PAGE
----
If you’ve been doing a ton of work on yourself by changing routines and bad habits or taking courses about self-improvement and your partner isn’t supportive or excited about growing with you, this post is for you.

In 1994, when I first met my husband Chris, he was participating in a three-day seminar about personal development. I was completely weirded out and thought to myself, “I’ve met the man of my dreams and he’s in a cult.”

I was really confronted by what I might learn about myself if I took the same course he was in because I wasn’t complete about how I treated former relationships and I was scared that something might change between him if I started to get to work on my own personal development.

I was scared about what I might find out about myself if I went on this journey.

Instead of Chris giving me a guilt trip about doing the seminar he would just share what he was learning.

Not until some time later, when I noticed a real shift in Chris and my curiosity grew, did I start to wade into the personal development waters myself.

So what do you do if your partner is not on board with your growth and refuses to work on their own?

This is what I’ve learned from my own experience that can make a difference for you, too.

Bonus: these tips aren’t just for romantic partners. They also apply to friends, family members, and co-workers who don’t understand your personal development journey.

#1. Don’t try and change your partner.

First things first, you have to understand you can’t pressure them, give ultimatums, or give them so much shit that they all of a sudden start on their own personal development path.

It’s not going to happen.

If you feel your partner would do well if they cut out the booze or hit the gym or stopped smoking, you’re probably right.

But telling them to do those things or pointing out where they’re making mistakes will 100% backfire.

Nobody likes to be told what to do, so don’t even go there. You cannot change anyone else.

#2. Lead by example.

You shouldn’t nag your partner. But what you CAN do is influence whether or not they truly want to.

The keyword in personal development is PERSONAL. It’s about you.

When the person you love isn’t supportive about your growth, you continue to do you.

Continue journaling, continue reading, and continue going to the gym…and then, you’re going to share with them the things you’re learning.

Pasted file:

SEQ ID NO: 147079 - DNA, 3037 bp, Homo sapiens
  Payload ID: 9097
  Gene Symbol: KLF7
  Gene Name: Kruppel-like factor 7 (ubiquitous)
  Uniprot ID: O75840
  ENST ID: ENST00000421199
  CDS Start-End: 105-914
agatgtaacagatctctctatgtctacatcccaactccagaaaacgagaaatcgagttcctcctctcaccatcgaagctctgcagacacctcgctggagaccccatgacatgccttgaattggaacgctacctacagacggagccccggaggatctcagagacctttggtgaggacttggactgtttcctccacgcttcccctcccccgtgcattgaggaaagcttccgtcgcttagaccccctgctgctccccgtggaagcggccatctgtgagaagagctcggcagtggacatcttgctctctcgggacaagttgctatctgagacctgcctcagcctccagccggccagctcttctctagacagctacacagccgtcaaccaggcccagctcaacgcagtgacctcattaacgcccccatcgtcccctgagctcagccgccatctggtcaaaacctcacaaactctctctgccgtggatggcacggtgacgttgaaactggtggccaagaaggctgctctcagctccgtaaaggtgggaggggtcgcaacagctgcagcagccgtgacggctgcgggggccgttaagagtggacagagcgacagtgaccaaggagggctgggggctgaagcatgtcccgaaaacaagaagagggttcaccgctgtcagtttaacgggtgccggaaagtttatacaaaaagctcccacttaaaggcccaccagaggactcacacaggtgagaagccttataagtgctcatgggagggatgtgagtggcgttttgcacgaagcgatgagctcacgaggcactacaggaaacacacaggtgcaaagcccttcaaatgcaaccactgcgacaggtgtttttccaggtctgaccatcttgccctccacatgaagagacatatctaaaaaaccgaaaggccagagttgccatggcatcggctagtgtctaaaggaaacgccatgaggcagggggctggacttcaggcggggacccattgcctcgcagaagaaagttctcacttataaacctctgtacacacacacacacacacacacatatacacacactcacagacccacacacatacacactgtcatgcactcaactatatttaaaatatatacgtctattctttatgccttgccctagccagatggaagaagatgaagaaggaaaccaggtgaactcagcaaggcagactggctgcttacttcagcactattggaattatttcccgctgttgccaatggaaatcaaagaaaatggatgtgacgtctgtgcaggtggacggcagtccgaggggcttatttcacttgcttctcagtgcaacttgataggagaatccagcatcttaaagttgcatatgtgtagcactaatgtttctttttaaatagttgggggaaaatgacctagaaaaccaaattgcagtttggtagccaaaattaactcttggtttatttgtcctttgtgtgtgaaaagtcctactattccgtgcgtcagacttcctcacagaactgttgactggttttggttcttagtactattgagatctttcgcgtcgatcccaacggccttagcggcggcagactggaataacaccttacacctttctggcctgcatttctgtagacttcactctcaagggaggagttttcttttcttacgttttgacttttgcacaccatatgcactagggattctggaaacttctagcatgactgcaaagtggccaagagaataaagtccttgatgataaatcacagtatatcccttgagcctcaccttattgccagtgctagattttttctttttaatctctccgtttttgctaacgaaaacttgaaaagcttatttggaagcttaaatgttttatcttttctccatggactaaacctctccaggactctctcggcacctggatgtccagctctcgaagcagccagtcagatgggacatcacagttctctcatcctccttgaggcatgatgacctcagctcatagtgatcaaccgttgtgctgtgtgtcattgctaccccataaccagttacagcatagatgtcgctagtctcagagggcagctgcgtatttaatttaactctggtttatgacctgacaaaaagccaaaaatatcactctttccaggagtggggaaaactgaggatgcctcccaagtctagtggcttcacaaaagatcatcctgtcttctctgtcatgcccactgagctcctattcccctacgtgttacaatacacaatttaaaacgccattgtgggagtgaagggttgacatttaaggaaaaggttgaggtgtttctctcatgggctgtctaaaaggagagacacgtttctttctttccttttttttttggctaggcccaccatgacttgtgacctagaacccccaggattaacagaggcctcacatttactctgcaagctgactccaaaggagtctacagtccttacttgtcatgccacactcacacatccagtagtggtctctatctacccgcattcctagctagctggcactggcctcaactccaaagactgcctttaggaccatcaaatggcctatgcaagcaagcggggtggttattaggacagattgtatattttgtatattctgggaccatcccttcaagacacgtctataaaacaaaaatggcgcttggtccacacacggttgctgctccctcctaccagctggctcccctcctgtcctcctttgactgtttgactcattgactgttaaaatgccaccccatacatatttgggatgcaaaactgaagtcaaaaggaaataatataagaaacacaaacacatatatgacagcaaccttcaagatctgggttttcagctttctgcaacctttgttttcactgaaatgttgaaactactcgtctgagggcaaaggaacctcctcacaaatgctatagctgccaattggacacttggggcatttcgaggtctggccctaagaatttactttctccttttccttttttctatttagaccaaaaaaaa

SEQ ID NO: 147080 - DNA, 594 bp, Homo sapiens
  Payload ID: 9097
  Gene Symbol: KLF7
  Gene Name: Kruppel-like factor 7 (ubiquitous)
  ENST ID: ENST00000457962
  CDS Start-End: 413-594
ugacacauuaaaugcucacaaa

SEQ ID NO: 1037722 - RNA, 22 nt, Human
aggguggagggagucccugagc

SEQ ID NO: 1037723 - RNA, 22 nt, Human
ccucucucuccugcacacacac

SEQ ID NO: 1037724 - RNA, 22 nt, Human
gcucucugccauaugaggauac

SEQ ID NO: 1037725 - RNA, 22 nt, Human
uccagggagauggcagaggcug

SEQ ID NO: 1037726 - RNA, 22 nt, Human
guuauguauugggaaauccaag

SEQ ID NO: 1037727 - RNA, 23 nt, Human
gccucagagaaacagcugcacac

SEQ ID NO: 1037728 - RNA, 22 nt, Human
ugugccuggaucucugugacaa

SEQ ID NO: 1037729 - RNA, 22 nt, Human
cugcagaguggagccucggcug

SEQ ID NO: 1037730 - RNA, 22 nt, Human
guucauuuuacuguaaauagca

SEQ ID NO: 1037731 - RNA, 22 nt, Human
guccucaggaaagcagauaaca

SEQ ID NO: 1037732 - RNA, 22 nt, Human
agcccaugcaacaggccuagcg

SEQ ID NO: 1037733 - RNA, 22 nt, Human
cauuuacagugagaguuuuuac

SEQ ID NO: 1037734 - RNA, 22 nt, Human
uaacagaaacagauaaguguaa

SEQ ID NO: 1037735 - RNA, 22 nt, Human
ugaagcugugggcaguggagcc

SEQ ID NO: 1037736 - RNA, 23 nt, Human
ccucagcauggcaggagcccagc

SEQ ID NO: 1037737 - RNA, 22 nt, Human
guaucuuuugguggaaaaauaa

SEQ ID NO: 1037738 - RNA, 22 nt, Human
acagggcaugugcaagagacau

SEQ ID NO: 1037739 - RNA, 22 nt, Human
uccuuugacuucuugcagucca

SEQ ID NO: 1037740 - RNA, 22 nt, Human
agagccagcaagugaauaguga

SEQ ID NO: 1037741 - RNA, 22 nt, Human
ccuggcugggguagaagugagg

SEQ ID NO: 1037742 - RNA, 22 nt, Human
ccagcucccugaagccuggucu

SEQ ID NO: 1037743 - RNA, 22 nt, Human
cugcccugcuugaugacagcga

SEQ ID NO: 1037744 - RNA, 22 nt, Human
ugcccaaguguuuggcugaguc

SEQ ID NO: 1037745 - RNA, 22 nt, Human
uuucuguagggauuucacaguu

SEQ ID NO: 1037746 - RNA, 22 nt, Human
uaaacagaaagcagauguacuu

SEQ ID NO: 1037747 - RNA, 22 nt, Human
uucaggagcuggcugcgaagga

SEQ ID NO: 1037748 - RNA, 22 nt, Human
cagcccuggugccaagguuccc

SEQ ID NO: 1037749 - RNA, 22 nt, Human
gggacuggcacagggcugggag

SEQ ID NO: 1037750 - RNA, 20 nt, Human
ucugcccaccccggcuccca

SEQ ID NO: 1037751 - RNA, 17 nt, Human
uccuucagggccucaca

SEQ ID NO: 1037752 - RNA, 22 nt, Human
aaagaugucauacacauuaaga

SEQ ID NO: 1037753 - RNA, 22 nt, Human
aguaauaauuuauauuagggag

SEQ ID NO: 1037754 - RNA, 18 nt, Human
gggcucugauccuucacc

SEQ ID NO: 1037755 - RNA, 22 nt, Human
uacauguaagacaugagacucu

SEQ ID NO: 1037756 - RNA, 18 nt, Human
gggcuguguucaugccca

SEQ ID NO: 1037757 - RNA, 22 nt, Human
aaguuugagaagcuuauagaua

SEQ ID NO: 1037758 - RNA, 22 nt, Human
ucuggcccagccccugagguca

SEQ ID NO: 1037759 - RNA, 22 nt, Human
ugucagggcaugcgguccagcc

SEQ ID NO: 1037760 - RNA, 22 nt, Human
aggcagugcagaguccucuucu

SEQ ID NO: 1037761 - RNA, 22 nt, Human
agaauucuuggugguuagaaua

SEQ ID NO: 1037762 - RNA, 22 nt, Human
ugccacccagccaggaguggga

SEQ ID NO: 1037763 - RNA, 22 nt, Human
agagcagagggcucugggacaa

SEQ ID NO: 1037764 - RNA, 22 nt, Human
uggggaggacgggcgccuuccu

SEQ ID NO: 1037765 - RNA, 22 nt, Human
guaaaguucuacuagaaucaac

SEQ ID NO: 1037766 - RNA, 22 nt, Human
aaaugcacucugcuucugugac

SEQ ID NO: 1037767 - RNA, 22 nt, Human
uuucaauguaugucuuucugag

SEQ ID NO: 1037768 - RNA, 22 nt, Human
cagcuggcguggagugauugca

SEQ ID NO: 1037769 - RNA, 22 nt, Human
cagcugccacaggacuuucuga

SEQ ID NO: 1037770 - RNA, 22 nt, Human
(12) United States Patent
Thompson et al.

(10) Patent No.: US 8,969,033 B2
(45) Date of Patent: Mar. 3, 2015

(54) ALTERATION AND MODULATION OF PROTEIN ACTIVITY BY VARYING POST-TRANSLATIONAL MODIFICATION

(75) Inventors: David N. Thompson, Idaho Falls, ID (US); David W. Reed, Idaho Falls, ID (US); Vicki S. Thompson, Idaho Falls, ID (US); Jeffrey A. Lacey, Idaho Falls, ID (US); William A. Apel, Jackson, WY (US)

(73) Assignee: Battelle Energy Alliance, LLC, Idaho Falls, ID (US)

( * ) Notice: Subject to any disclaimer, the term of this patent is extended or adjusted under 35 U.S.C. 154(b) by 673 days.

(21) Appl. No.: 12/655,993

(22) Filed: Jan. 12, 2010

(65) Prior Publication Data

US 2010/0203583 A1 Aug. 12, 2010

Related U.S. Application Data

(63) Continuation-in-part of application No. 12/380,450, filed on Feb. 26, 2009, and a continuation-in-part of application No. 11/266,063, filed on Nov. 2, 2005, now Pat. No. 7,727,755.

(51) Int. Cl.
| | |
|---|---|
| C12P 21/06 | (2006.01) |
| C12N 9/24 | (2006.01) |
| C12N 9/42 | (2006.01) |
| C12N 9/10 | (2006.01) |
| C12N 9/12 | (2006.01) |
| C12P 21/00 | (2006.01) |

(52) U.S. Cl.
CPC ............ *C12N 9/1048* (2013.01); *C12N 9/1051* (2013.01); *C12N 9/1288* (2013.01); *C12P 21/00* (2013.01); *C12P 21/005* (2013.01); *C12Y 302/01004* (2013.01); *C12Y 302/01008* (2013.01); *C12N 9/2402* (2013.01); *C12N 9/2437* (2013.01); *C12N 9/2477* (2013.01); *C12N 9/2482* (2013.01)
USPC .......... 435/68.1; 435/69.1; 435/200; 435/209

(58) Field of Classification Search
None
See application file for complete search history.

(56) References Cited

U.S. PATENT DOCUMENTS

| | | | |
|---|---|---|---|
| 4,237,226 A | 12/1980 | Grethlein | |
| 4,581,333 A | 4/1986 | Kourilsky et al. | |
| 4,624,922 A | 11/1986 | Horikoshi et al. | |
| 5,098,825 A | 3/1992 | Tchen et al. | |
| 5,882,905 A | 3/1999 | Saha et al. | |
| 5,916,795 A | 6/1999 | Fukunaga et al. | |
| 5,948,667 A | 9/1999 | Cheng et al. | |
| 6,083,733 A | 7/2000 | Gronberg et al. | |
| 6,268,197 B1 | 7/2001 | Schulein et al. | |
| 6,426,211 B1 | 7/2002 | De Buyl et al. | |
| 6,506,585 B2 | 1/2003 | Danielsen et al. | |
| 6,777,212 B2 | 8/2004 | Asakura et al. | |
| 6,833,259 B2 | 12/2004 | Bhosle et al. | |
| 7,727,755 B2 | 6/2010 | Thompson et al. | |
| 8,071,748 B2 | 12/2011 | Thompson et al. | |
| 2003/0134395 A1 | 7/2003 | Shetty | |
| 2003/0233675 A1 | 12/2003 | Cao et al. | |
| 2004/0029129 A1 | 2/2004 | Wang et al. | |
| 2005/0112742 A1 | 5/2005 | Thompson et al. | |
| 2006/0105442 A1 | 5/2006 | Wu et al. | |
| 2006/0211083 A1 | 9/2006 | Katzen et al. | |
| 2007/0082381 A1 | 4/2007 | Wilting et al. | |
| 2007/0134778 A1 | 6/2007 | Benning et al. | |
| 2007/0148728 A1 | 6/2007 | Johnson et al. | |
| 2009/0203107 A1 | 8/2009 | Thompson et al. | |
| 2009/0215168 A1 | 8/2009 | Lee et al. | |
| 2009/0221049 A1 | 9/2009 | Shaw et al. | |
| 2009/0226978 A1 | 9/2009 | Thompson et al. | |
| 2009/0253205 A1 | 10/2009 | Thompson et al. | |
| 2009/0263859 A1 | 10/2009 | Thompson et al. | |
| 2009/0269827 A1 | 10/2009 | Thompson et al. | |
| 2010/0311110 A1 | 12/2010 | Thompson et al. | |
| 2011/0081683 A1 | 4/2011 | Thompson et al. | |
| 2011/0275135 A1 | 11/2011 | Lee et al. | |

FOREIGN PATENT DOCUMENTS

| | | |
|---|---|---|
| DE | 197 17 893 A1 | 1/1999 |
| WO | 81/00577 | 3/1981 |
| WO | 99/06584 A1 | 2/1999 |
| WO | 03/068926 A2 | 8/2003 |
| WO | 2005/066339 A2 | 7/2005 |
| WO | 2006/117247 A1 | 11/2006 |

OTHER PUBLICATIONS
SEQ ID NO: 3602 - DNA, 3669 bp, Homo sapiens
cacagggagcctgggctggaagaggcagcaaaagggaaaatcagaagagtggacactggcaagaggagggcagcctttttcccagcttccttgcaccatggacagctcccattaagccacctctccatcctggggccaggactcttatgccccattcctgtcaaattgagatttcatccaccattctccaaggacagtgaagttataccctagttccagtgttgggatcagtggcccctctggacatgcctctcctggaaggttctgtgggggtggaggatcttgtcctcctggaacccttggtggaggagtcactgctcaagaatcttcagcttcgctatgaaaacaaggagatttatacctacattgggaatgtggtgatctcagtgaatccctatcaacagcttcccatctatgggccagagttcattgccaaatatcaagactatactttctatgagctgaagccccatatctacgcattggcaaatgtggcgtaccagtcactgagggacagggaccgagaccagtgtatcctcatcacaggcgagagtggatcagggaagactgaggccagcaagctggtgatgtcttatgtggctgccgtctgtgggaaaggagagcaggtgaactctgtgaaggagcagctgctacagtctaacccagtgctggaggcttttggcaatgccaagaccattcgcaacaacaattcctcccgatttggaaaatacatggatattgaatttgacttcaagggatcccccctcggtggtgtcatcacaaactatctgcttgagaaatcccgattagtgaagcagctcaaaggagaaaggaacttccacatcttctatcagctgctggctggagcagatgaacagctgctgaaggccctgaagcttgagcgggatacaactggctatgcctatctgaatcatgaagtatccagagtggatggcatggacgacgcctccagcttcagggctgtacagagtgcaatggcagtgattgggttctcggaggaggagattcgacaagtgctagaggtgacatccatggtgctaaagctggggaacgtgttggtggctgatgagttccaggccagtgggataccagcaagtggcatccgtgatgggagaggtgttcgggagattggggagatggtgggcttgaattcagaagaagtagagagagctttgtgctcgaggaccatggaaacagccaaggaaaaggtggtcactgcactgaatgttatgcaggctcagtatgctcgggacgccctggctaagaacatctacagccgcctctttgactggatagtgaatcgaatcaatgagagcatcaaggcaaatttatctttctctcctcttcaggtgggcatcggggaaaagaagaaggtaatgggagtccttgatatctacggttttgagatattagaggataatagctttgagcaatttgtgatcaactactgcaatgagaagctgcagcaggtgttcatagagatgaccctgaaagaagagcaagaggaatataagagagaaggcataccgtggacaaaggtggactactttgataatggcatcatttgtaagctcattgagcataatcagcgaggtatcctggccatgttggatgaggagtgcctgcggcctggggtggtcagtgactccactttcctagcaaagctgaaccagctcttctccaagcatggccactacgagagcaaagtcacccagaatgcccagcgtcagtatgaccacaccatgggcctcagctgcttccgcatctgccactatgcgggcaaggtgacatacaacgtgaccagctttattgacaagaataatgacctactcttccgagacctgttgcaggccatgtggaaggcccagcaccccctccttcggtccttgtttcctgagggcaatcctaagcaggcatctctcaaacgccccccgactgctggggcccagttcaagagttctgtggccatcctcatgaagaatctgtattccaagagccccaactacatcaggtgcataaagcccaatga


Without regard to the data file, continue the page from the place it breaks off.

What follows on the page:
By opening yourself up this way they’ll begin to see why they should consider diving into personal development in their own way, without you telling them to.

While you can’t change people, you can often influence them. Be your best version of yourself and not only will you inspire those around you, you will continue to feel supported and uplifted during your own growth.

#3. Share what you’re learning.

Invite your partner into your world in bits and pieces.

Share the tools you’re learning and show how they make a difference for you.

Introduce the people in your growth community, leave your books hanging around, share what scares you and things on your bucket list.

The more your partner understands what you’re doing, the less intimidated they may be.

#4. Be a cheerleader.

Without being obvious or inauthentic, begin to really cheer for your partner.

Not for making changes (though you can cheer for that, too) but for all the reasons you fell in love with this person in the first place.

Leave love notes around your home, plan regular date nights, and create new routines together.

Once your partner truly gets that you’re excited with them just as they are, they may be willing to take steps to move out their own comfort zone.

#5. Step into his or her shoes.

It’s easy to judge someone else for not being on the same path as you or condemn their actions.

But acting superior/morally righteous to your partner–because you’re on the path of growth–will drive a wedge between you two faster than almost anything else.

If you’re feeling annoyed, angry, or frustrated with your partner over their (lack of) growth, first put yourself into their shoes.

Empathy is the ONLY thing that will slam the breaks on the judgment train.

Put yourself in their world.

Ask yourself what they might be dealing with or feeling. Even though it may appear RIDICULOUS to you (and by the way, it seems ridiculous to you because you are being judgy) but allow yourself to consider that it’s VERY REAL to them. Step into their shoes, their pain, their frustrations, their world …. for just a second. For some people, they are just not ready to go under the surface and see what’s there.

And by the way–it is possible to step into someone’s shoes and understand where they are and still not agree with what they are doing. That’s totally a thing.

It’s the difference between having an “explanation” for why someone is acting like an ass versus “justifying” their actions.

When you can explain why someone does something, you know the secret to empathy.

And all that judgment, frustration, and anger will disappear when you understand why someone might be doing or saying what they do.